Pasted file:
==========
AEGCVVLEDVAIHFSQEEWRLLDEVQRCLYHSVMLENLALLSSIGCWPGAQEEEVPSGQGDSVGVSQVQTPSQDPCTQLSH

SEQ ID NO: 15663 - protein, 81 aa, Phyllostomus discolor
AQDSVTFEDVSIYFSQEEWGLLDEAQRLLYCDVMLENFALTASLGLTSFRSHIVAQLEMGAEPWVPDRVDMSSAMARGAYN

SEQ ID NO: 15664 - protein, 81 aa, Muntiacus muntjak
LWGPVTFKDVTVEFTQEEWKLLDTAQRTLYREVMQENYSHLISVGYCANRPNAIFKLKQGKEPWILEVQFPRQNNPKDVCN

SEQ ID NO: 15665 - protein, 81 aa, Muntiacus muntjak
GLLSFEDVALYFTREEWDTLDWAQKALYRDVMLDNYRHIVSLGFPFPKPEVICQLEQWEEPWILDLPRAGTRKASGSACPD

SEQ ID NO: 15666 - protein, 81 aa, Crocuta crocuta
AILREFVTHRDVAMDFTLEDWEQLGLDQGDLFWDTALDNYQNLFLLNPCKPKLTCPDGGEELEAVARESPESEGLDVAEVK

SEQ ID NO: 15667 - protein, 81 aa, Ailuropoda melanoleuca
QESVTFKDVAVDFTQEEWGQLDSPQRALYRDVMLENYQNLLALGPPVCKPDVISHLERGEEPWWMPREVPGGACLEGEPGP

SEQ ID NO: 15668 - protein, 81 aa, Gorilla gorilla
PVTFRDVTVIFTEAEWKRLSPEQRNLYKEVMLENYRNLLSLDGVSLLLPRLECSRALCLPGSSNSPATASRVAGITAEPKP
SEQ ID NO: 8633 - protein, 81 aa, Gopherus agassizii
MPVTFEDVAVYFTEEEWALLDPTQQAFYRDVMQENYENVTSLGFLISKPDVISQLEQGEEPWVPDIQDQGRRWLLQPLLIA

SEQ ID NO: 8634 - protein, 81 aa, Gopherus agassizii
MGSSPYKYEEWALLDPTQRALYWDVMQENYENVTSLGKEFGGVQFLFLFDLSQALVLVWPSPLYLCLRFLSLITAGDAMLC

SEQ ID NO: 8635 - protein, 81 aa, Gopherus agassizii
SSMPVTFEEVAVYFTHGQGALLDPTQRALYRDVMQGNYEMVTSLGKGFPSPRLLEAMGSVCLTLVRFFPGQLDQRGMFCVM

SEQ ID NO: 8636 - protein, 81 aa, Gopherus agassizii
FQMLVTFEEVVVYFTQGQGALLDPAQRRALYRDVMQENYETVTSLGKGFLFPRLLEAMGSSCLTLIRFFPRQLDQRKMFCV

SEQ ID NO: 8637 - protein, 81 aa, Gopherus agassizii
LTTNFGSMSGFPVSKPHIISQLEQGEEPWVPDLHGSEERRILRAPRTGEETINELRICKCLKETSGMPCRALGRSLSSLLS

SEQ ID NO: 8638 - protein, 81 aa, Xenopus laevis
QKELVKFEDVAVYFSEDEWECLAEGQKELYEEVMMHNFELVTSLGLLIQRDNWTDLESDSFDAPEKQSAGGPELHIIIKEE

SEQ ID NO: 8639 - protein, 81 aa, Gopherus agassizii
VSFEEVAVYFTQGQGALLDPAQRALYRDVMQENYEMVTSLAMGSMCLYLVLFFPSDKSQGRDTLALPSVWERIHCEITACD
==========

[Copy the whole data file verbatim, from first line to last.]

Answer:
AEGCVVLEDVAIHFSQEEWRLLDEVQRCLYHSVMLENLALLSSIGCWPGAQEEEVPSGQGDSVGVSQVQTPSQDPCTQLSH

SEQ ID NO: 15663 - protein, 81 aa, Phyllostomus discolor
AQDSVTFEDVSIYFSQEEWGLLDEAQRLLYCDVMLENFALTASLGLTSFRSHIVAQLEMGAEPWVPDRVDMSSAMARGAYN

SEQ ID NO: 15664 - protein, 81 aa, Muntiacus muntjak
LWGPVTFKDVTVEFTQEEWKLLDTAQRTLYREVMQENYSHLISVGYCANRPNAIFKLKQGKEPWILEVQFPRQNNPKDVCN

SEQ ID NO: 15665 - protein, 81 aa, Muntiacus muntjak
GLLSFEDVALYFTREEWDTLDWAQKALYRDVMLDNYRHIVSLGFPFPKPEVICQLEQWEEPWILDLPRAGTRKASGSACPD

SEQ ID NO: 15666 - protein, 81 aa, Crocuta crocuta
AILREFVTHRDVAMDFTLEDWEQLGLDQGDLFWDTALDNYQNLFLLNPCKPKLTCPDGGEELEAVARESPESEGLDVAEVK

SEQ ID NO: 15667 - protein, 81 aa, Ailuropoda melanoleuca
QESVTFKDVAVDFTQEEWGQLDSPQRALYRDVMLENYQNLLALGPPVCKPDVISHLERGEEPWWMPREVPGGACLEGEPGP

SEQ ID NO: 15668 - protein, 81 aa, Gorilla gorilla
PVTFRDVTVIFTEAEWKRLSPEQRNLYKEVMLENYRNLLSLDGVSLLLPRLECSRALCLPGSSNSPATASRVAGITAEPKP
SEQ ID NO: 8633 - protein, 81 aa, Gopherus agassizii
MPVTFEDVAVYFTEEEWALLDPTQQAFYRDVMQENYENVTSLGFLISKPDVISQLEQGEEPWVPDIQDQGRRWLLQPLLIA

SEQ ID NO: 8634 - protein, 81 aa, Gopherus agassizii
MGSSPYKYEEWALLDPTQRALYWDVMQENYENVTSLGKEFGGVQFLFLFDLSQALVLVWPSPLYLCLRFLSLITAGDAMLC

SEQ ID NO: 8635 - protein, 81 aa, Gopherus agassizii
SSMPVTFEEVAVYFTHGQGALLDPTQRALYRDVMQGNYEMVTSLGKGFPSPRLLEAMGSVCLTLVRFFPGQLDQRGMFCVM

SEQ ID NO: 8636 - protein, 81 aa, Gopherus agassizii
FQMLVTFEEVVVYFTQGQGALLDPAQRRALYRDVMQENYETVTSLGKGFLFPRLLEAMGSSCLTLIRFFPRQLDQRKMFCV

SEQ ID NO: 8637 - protein, 81 aa, Gopherus agassizii
LTTNFGSMSGFPVSKPHIISQLEQGEEPWVPDLHGSEERRILRAPRTGEETINELRICKCLKETSGMPCRALGRSLSSLLS

SEQ ID NO: 8638 - protein, 81 aa, Xenopus laevis
QKELVKFEDVAVYFSEDEWECLAEGQKELYEEVMMHNFELVTSLGLLIQRDNWTDLESDSFDAPEKQSAGGPELHIIIKEE

SEQ ID NO: 8639 - protein, 81 aa, Gopherus agassizii
VSFEEVAVYFTQGQGALLDPAQRALYRDVMQENYEMVTSLAMGSMCLYLVLFFPSDKSQGRDTLALPSVWERIHCEITACD